appropriate adjustments should be made or,
if this is not possible, the analysis should take
account in a general way of the influence on
the comparison of any source of incomparability for which adjustments are not made.
METHODS OF ESTIMATION

The monthly reporting samples of the different types of financial institutions and retail stores that are used in obtaining the
information needed to prepare estimates of
instalment credit outstanding also provide
information that can be used to estimate the
volume of instalment credit extended and
repaid.6 Financial institutions are usually
6
These reporting samples were described in connection
with the Board's revision of the consumer credit estimates.
See Detailed Description of Sources and Methods Used in
Revision of Short- and Intermediate-Term Consumer Credit
Statistics, Board of Governors of the Federal Reserve System, Washington, D. C , April 1953, copies of which are
available upon request.

15

EXTENSIONS AND REPAYMENTS OF CONSUMER INSTALMENT CREDIT

able to report figures on the volume of instalment loans made during the month. Retail
outlets can usually report the volume of repayments on instalment contracts and can
sometimes report the volume of new instalment contracts written during the month.
This information either provides repayment figures directly or, together with the
data for the outstanding amount of instalment credit at the beginning and end of the
period, makes it possible to derive them for
all reporting stores or institutions. Estimates
of repayments for financial institutions that
report the volume of new loans and for retail
outlets that report the amount of contracts
written, are obtained as follows:
Outstanding amount at end of previous
month + credit extended during month —
outstanding amount at end of current month
= credit repaid.
Estimates of the amount of repayments
for each reporting sample, together with
available information on the outstanding
amount of instalment credit at the beginning
and end of each month, are used to prepare
the monthly estimates of credit extensions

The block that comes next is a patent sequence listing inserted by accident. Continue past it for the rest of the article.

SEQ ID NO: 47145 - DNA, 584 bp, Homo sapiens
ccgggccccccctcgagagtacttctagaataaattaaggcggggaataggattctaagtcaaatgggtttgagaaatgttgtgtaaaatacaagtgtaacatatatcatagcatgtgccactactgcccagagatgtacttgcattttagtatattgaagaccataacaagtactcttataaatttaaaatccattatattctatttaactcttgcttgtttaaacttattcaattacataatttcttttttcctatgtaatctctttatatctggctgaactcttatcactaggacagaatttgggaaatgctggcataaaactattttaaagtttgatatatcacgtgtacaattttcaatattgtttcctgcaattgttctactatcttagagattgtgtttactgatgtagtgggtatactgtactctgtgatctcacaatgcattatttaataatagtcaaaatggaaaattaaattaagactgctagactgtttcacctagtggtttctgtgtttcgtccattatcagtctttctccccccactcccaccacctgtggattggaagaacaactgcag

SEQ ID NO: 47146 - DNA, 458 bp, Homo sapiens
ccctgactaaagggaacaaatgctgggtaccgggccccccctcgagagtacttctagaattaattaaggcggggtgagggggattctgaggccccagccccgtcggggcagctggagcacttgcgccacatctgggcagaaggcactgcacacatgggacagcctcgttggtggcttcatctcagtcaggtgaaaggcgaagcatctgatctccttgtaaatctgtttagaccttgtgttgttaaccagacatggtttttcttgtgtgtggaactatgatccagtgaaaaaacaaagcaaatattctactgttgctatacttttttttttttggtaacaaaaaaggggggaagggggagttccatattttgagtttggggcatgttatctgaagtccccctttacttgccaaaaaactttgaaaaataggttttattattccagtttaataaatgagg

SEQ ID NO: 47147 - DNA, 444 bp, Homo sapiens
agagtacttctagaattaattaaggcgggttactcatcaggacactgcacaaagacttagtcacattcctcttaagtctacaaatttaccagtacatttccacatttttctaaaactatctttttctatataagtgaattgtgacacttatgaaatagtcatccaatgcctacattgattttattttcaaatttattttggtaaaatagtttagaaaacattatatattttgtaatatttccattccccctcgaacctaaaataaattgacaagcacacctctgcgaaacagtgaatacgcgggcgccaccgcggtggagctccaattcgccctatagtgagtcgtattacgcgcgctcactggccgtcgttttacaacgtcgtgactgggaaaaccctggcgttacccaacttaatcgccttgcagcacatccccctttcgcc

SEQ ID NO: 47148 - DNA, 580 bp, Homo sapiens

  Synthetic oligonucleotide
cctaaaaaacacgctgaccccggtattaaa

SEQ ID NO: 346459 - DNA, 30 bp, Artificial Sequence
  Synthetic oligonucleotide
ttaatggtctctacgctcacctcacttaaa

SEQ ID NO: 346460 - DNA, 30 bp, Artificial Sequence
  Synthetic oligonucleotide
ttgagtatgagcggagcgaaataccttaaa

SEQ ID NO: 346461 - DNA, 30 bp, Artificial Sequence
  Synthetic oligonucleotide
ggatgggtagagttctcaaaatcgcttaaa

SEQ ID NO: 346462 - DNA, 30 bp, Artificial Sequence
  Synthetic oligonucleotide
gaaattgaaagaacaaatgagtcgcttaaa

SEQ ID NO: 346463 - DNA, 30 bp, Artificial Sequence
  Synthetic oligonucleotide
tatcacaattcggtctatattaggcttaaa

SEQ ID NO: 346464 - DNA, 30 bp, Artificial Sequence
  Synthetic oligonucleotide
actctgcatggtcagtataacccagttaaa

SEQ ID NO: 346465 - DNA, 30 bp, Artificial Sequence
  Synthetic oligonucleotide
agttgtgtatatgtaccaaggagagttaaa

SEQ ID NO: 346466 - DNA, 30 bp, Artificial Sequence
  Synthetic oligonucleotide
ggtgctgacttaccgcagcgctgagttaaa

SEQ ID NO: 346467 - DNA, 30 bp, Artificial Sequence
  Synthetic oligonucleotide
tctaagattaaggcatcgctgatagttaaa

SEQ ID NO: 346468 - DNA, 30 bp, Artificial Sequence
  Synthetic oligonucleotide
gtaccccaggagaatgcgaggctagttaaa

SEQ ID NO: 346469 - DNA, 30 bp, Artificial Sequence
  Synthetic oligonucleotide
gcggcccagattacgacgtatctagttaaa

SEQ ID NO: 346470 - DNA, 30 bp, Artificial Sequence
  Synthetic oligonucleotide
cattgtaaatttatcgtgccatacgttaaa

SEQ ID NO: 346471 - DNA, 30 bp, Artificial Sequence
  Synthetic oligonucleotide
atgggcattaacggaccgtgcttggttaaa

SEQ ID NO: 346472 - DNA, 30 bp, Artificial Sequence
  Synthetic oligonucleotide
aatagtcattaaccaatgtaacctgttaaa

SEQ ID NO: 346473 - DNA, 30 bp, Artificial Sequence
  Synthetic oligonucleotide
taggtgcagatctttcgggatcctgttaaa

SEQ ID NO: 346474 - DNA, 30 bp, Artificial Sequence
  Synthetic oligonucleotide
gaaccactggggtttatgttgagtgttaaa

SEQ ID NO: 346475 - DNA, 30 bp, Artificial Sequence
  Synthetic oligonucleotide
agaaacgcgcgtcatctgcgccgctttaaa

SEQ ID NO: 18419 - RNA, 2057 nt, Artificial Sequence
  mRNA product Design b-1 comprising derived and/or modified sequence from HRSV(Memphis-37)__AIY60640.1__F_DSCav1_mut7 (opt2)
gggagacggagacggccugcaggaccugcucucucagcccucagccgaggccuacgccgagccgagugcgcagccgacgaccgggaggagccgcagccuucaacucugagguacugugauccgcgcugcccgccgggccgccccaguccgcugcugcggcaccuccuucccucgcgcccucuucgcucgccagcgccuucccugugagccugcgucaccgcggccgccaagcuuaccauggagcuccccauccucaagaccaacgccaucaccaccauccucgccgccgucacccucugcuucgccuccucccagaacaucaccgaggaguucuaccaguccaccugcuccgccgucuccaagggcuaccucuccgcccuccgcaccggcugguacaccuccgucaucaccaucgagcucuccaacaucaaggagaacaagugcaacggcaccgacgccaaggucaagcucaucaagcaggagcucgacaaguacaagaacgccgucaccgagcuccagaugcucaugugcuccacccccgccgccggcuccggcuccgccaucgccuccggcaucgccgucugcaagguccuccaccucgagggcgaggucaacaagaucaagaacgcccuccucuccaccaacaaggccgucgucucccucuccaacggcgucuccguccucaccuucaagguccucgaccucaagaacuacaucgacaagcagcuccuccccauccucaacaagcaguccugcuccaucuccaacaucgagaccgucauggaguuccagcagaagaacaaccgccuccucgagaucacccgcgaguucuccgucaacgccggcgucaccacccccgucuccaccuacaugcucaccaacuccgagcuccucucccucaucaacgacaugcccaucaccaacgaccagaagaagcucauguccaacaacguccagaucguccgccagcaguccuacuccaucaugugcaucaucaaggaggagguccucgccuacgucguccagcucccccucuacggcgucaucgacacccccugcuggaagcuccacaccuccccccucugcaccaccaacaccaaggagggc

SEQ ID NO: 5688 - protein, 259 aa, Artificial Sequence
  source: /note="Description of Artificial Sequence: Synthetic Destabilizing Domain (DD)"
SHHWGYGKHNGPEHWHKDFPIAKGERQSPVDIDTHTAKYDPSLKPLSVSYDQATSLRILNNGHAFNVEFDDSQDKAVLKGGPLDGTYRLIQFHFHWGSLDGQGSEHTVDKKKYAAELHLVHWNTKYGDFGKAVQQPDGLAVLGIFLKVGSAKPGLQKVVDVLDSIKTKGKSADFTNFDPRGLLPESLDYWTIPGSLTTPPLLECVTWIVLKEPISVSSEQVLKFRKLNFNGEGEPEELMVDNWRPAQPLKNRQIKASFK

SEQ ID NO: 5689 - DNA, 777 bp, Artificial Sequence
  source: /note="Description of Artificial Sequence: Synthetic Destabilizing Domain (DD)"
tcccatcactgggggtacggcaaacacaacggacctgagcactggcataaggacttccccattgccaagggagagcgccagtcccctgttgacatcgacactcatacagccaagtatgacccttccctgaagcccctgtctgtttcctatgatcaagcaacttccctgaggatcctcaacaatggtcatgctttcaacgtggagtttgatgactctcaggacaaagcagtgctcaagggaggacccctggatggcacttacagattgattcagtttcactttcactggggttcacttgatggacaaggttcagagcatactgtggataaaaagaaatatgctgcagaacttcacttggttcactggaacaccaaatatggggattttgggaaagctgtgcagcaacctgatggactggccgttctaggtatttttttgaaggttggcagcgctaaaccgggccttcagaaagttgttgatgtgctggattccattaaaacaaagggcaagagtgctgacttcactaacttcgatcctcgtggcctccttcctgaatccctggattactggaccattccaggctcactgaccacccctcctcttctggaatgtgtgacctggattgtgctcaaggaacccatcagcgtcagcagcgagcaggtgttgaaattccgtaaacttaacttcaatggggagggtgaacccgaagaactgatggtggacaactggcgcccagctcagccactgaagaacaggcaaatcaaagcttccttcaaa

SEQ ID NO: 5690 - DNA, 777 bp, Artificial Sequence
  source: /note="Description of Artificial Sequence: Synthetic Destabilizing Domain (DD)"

and repayments for all financial institutions
and retail stores. The preparation of these
estimates is based upon the assumption that
the "collection ratio," that is, the ratio of
credit repaid to the outstanding amount at
the end of the preceding month for the

16




firms in each reporting sample, is representative of the ratio for all stores or institutions
of the same type. The collection ratios computed from the sample data are applied to the
estimates of the total amount of instalment
credit outstanding at all financial institutions
or retail stores within each group to obtain
estimates of credit repaid. Estimates of
credit extended are derived by adding the
estimates of credit repaid during the month
to the amount outstanding at the end of the
month and subtracting the amount outstanding at the end of the preceding month.
Separate estimates of credit extended and
repaid are prepared for each type of credit
and each type of retail store or financial institution for which separate information on
outstandings is compiled. The same general
procedure is used in each case. For retail
outlets and financial institutions for which no
sample data are available, collection ratios
for similar types of stores or institutions are
used.
The following table gives the size and
coverage of the reporting samples that provide information for developing monthly
estimates of credit extended and repaid. The
proportion of total instalment credit held by
each type of institution, as shown in the
table, is an approximate measure of the relative importance of each type of institution
in the estimates of total instalment credit
extended and repaid.

FEDERAL RESERVE BULLETIN

EXTENSIONS AND REPAYMENTS OF CONSUMER INSTALMENT CREDIT
DESCRIPTION OF SAMPLE DATA USED FOR MONTHLY ESTIMATES OF CONSUMER INSTALMENT CREDIT EXTENDED AND REPAID

Type of institution

Total—all institutions

Percentage of
total instalment credit
held by each
type of